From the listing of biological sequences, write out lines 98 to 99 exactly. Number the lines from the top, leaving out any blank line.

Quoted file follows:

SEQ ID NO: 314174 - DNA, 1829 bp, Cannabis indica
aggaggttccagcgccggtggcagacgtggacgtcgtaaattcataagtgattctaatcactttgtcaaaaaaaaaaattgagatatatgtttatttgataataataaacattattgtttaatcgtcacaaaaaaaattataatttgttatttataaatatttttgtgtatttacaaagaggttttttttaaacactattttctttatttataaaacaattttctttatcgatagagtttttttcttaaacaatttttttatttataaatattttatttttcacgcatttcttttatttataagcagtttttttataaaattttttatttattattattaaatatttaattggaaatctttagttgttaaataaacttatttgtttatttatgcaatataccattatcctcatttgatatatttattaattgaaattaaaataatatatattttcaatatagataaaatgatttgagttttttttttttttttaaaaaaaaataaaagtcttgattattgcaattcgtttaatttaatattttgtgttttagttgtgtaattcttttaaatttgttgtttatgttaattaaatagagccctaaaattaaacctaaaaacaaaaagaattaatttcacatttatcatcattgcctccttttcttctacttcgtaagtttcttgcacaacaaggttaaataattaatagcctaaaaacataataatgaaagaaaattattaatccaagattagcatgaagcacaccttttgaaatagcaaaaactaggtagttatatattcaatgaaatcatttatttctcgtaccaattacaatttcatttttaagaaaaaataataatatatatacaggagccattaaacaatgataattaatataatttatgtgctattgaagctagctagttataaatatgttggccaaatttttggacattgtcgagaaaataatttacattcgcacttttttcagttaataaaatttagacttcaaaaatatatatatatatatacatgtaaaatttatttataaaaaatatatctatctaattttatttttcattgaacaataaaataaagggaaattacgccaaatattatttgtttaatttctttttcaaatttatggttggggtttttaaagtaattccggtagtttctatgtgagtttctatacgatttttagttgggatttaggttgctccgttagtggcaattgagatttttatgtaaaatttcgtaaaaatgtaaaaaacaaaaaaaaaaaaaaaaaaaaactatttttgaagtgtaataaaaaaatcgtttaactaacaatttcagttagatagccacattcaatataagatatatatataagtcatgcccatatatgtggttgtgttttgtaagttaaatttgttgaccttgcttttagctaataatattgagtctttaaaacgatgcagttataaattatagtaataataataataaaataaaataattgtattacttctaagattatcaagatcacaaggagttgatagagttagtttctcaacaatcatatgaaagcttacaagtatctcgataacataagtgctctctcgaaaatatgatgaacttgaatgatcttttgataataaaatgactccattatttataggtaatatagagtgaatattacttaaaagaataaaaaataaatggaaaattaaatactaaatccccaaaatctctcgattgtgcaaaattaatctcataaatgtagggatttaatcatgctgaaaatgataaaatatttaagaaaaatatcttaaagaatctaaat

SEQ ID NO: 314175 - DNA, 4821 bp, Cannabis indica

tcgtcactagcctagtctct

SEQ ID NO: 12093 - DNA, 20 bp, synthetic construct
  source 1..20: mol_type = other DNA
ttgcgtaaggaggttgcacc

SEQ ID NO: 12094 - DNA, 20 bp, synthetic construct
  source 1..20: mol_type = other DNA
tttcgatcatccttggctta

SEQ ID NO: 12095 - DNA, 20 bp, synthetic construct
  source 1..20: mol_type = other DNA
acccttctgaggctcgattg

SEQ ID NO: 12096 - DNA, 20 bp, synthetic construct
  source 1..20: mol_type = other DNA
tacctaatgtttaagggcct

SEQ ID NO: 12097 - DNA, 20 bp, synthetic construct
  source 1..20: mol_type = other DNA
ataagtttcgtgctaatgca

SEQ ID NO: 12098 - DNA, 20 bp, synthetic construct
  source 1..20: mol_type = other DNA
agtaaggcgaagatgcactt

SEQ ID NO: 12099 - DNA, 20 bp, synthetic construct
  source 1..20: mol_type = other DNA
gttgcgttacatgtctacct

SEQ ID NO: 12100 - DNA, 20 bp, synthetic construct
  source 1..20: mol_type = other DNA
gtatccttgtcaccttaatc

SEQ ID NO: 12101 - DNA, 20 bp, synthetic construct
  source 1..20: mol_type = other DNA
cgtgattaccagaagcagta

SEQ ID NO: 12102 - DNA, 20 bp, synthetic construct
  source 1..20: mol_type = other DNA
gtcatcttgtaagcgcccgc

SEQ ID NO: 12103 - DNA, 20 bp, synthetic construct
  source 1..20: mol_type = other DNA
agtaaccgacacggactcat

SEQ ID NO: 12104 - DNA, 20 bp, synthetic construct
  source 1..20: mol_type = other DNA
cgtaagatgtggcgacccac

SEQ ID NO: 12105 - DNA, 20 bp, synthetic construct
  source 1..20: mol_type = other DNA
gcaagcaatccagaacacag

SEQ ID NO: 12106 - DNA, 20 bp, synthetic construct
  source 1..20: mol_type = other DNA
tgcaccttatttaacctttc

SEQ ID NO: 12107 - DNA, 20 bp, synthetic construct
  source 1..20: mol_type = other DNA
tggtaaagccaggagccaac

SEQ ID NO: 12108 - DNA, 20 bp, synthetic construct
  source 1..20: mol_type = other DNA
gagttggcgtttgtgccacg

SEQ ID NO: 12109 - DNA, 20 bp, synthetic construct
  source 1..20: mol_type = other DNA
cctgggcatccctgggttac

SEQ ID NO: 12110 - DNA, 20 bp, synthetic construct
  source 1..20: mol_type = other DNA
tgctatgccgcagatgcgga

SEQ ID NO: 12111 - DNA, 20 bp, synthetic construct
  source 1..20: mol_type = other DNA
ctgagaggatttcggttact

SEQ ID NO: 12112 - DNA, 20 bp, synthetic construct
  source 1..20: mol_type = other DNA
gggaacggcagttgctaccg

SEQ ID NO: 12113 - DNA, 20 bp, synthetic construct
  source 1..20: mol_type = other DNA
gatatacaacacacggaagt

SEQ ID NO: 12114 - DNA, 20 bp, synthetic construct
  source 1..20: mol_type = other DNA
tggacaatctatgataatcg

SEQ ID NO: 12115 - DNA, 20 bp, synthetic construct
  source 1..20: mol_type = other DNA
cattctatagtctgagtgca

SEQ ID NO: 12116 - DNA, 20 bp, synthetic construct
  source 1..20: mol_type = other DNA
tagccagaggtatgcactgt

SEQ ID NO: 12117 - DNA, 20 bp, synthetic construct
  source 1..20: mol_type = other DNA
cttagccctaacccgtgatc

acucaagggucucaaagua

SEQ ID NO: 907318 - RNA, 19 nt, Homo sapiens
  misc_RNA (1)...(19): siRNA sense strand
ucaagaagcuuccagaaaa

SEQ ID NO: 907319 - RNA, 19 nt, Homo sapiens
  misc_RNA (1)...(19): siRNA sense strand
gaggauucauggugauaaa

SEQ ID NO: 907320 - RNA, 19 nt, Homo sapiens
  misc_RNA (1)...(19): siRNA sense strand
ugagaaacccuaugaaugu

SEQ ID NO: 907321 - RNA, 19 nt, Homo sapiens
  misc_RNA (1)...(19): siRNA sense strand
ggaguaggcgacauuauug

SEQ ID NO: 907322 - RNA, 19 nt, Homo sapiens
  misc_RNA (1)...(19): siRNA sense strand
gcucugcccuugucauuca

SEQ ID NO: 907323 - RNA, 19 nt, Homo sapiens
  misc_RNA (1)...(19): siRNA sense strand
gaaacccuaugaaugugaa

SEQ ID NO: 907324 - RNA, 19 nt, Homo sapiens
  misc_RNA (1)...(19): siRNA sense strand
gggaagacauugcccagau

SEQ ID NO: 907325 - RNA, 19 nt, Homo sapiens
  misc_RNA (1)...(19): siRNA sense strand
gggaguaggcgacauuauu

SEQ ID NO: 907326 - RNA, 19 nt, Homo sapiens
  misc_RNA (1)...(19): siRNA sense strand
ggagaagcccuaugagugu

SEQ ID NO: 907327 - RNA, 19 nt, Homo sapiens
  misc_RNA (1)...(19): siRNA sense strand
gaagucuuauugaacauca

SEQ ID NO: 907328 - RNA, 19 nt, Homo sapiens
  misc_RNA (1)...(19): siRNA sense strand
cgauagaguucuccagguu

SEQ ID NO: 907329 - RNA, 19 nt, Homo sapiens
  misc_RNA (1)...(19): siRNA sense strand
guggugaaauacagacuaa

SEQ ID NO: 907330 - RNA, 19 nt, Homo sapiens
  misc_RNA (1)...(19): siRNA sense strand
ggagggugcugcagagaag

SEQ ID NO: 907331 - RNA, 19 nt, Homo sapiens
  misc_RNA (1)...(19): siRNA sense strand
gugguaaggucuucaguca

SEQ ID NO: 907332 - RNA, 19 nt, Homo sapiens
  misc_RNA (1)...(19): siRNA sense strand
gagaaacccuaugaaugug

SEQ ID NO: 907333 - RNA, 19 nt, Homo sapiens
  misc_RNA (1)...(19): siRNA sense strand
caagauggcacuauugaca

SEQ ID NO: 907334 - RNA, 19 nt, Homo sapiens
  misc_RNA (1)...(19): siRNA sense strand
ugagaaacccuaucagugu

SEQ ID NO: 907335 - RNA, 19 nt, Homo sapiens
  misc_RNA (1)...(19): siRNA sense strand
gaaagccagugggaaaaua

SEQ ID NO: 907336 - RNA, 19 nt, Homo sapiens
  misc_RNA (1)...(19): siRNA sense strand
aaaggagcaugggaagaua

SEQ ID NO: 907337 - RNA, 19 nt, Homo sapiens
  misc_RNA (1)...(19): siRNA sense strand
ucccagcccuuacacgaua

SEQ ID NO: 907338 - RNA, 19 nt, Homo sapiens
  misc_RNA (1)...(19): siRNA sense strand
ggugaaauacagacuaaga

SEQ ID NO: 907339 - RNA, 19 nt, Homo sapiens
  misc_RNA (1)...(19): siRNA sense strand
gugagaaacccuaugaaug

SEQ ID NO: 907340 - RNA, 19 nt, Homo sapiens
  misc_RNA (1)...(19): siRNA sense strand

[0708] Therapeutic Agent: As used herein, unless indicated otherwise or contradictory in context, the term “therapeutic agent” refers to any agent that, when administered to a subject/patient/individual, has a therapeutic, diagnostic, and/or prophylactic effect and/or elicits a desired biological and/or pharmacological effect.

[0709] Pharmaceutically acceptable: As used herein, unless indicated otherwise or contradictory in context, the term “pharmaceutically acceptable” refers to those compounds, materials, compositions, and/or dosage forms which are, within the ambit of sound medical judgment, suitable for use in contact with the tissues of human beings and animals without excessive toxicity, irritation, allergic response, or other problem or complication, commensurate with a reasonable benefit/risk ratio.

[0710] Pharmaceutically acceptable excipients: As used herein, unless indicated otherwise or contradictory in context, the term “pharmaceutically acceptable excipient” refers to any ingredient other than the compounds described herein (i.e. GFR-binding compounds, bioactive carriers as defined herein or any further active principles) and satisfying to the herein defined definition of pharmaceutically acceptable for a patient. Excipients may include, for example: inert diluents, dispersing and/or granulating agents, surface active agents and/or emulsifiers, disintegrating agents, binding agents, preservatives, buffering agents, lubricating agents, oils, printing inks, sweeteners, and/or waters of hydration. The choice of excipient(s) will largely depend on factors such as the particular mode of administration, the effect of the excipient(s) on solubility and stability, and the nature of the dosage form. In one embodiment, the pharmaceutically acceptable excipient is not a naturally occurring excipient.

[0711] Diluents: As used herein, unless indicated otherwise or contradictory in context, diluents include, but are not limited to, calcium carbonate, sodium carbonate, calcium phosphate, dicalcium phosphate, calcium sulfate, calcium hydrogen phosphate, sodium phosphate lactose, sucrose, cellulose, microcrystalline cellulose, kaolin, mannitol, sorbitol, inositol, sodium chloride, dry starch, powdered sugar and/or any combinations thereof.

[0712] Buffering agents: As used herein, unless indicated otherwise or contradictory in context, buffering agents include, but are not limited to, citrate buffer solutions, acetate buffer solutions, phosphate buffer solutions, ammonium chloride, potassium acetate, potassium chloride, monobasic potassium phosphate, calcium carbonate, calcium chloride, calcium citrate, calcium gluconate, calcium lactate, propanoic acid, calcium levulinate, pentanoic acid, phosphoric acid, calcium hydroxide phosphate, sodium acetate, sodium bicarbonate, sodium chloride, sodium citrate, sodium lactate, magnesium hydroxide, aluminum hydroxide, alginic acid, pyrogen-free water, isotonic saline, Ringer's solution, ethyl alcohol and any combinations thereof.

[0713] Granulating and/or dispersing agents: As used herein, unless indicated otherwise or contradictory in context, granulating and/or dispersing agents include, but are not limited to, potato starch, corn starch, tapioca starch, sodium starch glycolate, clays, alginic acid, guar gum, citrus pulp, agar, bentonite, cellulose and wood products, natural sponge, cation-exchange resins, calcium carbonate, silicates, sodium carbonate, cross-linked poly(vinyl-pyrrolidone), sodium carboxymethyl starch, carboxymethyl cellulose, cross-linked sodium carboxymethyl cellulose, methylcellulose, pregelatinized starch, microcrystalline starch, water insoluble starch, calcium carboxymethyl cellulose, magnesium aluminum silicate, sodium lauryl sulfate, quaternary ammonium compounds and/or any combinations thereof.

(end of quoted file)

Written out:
gaaacccuaugaaugugaa

SEQ ID NO: 907324 - RNA, 19 nt, Homo sapiens